Rock paper scissors Out of Scope and no Compare


#1

My goal is to terminate the program if rock paper or scissors is not entered into the prompt, and for some reason the computerMove variable is said to be used out of scope, which I'm not entirely sure of what it means as well as the compare function I created which doesn't work at all

userChoice = prompt("Do you choose rock, paper or scissors?");

if (userChoice !== "rock","paper", "scissors")

{console.log("You chose " + userChoice + "!");

console.log(" ");

}

else

{

alert("That wasn't one of the options");

end();

}

setTimeout(function(){

console.log("Aaaand...");

}, 2000

);

setTimeout(function(){

var computerChoice = Math.random();

/*{

console.log(computerChoice);

}*/

console.log("the computer chose ");

if (computerChoice <= 0.33)

{var computerMove =  console.log("rock!");

}

else

{

if (computerChoice < 0.67) {computerMove =  console.log("paper!");

}

else

{computerMove = console.log("scissors!");}}}, 5000);

var compare = function(choice1, choice2) {

if(choice1 === choice2)

{

return "This means the result is a tie";

}

};

compare(computerMove, userChoice);

So the compare doesn't work, the computerMove is out of scope, and I'm not sure what's the deal with the exit... isn't that supposed to end the program? I'm not sure how to use that, but I tried... Any help would be appreciated!


#2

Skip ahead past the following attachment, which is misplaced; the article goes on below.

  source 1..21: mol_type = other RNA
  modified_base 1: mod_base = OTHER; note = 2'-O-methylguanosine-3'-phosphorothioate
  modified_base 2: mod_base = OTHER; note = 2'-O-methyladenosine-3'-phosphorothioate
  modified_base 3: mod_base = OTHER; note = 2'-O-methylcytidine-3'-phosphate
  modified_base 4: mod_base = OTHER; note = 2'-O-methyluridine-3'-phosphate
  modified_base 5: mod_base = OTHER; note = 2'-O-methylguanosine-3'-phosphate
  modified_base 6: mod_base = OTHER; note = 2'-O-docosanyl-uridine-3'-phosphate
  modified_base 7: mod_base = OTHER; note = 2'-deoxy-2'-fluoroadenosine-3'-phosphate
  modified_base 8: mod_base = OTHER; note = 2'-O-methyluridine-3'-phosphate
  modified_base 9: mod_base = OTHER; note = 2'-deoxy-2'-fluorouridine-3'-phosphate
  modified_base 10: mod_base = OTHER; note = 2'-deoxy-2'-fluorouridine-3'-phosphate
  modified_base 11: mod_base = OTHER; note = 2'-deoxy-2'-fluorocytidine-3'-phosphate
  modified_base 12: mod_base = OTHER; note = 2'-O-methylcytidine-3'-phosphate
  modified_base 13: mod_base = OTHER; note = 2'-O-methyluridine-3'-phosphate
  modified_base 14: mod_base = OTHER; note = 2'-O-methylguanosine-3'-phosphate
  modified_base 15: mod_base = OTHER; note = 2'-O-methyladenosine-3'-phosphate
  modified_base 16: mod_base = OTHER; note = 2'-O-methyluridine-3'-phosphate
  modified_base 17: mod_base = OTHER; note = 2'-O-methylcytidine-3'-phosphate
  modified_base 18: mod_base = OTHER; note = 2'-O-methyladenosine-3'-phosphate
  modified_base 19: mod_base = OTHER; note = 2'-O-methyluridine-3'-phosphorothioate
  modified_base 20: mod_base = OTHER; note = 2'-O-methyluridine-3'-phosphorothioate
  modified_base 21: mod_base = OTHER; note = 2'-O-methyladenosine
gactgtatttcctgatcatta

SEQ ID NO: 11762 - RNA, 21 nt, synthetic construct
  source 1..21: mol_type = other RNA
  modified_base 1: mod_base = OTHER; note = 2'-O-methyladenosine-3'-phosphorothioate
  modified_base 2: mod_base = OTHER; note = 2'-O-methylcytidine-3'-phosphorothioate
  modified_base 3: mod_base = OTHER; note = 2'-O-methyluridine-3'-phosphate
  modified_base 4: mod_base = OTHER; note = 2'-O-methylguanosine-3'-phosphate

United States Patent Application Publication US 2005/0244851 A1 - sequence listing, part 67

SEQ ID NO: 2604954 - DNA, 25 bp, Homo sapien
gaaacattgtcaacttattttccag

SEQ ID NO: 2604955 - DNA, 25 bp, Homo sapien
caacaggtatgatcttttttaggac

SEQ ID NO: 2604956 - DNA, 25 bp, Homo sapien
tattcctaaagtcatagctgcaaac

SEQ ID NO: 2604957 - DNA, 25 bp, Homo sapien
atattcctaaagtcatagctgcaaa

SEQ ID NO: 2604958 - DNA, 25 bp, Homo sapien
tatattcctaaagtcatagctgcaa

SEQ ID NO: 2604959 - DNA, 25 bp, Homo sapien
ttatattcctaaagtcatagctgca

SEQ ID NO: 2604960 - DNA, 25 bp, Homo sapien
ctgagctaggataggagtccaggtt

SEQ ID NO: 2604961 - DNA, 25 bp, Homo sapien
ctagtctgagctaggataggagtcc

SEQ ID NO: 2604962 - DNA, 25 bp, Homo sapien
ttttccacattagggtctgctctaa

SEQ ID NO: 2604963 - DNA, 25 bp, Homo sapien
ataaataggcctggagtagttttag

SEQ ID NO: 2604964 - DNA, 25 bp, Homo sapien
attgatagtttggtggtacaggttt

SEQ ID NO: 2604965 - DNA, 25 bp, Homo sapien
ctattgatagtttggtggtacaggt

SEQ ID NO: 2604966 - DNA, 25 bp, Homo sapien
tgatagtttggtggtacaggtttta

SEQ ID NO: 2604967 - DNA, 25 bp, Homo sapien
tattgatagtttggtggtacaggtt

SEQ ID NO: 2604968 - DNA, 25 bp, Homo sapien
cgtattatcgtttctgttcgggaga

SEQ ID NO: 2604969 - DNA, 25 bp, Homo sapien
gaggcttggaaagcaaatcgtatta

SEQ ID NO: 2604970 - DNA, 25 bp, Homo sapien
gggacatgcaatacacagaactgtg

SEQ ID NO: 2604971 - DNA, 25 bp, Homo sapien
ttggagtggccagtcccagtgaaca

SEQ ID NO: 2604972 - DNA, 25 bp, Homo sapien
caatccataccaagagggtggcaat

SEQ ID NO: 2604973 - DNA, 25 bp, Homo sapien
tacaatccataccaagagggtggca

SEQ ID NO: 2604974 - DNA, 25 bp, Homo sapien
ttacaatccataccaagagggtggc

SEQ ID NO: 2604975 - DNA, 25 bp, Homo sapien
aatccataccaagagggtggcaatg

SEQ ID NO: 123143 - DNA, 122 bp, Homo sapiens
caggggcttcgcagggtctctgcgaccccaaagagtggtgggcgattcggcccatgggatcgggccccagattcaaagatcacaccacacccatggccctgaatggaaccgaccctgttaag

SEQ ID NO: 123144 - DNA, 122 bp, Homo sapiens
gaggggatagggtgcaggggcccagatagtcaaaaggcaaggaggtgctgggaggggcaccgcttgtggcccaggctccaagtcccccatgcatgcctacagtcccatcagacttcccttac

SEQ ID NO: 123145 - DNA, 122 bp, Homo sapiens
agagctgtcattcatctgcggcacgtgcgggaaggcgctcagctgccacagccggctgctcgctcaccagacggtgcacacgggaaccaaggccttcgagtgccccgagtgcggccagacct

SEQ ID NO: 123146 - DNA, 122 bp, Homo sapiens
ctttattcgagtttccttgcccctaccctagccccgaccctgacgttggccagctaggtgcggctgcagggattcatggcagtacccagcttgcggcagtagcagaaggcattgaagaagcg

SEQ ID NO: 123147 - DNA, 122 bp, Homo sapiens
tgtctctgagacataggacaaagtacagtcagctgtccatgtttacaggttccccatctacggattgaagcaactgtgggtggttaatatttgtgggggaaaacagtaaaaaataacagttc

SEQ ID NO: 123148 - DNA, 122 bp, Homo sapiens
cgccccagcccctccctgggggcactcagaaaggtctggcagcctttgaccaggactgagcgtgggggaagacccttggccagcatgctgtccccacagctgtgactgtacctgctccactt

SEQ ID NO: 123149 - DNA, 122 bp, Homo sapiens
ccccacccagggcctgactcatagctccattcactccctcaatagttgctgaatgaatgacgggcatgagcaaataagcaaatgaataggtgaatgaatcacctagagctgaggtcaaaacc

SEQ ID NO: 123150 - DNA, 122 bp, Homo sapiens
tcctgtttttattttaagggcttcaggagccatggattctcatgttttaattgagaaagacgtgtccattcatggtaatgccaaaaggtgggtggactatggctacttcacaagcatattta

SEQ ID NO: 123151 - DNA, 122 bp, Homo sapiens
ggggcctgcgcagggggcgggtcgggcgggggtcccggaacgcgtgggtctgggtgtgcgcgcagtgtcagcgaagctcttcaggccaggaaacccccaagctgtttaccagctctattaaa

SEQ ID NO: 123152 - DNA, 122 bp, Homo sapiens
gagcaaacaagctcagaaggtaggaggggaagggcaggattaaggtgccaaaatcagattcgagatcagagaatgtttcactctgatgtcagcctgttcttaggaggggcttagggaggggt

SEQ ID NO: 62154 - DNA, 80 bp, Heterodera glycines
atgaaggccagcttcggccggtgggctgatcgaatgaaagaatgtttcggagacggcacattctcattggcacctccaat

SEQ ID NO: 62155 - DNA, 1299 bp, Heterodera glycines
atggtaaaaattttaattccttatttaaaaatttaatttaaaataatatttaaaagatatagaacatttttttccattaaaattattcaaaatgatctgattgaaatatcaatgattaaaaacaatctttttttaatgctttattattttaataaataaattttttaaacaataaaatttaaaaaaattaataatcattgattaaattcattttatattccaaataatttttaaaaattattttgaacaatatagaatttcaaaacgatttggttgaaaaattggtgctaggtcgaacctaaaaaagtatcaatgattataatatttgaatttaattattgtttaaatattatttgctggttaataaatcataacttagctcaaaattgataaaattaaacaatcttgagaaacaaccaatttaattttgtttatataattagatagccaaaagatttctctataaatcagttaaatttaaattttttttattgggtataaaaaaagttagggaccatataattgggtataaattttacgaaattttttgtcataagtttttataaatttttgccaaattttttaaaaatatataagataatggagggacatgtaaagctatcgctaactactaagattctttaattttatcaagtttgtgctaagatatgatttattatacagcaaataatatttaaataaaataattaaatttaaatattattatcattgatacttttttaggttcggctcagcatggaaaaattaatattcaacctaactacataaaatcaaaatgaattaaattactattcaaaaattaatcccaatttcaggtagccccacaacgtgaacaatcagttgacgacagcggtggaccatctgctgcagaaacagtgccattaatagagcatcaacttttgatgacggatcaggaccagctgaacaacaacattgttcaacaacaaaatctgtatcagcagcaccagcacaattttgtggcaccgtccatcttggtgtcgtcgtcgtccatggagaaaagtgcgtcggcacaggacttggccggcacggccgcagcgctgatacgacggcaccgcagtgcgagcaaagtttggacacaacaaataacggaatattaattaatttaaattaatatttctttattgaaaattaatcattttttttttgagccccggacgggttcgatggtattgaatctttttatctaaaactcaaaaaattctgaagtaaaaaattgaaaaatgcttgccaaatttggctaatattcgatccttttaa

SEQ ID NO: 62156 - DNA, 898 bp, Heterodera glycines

//This is what I ended up with after doing the rock, paper, scissors exercise.
// Tried explaining to you before where you were making the errors but guess you don't understand.
// This should help you in at least finishing the exercise.

var userChoice = prompt("Do you choose rock, paper or scissors?");
console.log("Player: " + userChoice);

var computerChoice = Math.random();
console.log("Computer creates random # " + computerChoice);

if (computerChoice < 0.34) {
computerChoice = "rock";
} else if(computerChoice <= 0.67) {
computerChoice = "paper";
} else {
computerChoice = "scissors";
}
console.log("Computer changes # to object: " + computerChoice);

var compare = function(choice1, choice2) {
if (choice1 === choice2) {
return "The result is a tie!";
}
else if(choice1 === "rock") {
if (choice2 === "scissors") {
return "rock wins";
}
else {
return "paper wins";
}
}
else if(choice1 === "paper") {
if (choice2 === "rock") {
return "paper wins";
}
else {
return "scissors wins";
}
}
else if(choice1 === "scissors") {
if (choice2 === "paper") {
return "scissors wins";
}else {
return "rock wins";
}
}
};

compare(userChoice, computerChoice);


#3

(userChoice !== "rock", "paper", "scissors")

Have you got something to support that !== will do what you want in this situation? You kind of made that up. You can certainly experiment, but when you do, be sure to test it. The computer will not do what you want, it'll do what you say.

Generally, test each individual piece of code by itself if you're unsure. And/or look up some documentation/examples for reference.

I also suggest cleaning up the formatting, having it that way most likely hurts your ability to reason about it, and certainly doesn't help others read it. This isn't even something you do after writing code, it's something to maintain at all times.

What you'd do is compare the input to all the valid ones, and if there's no match, handle that. You're not doing that though, as mentioned above.


#4

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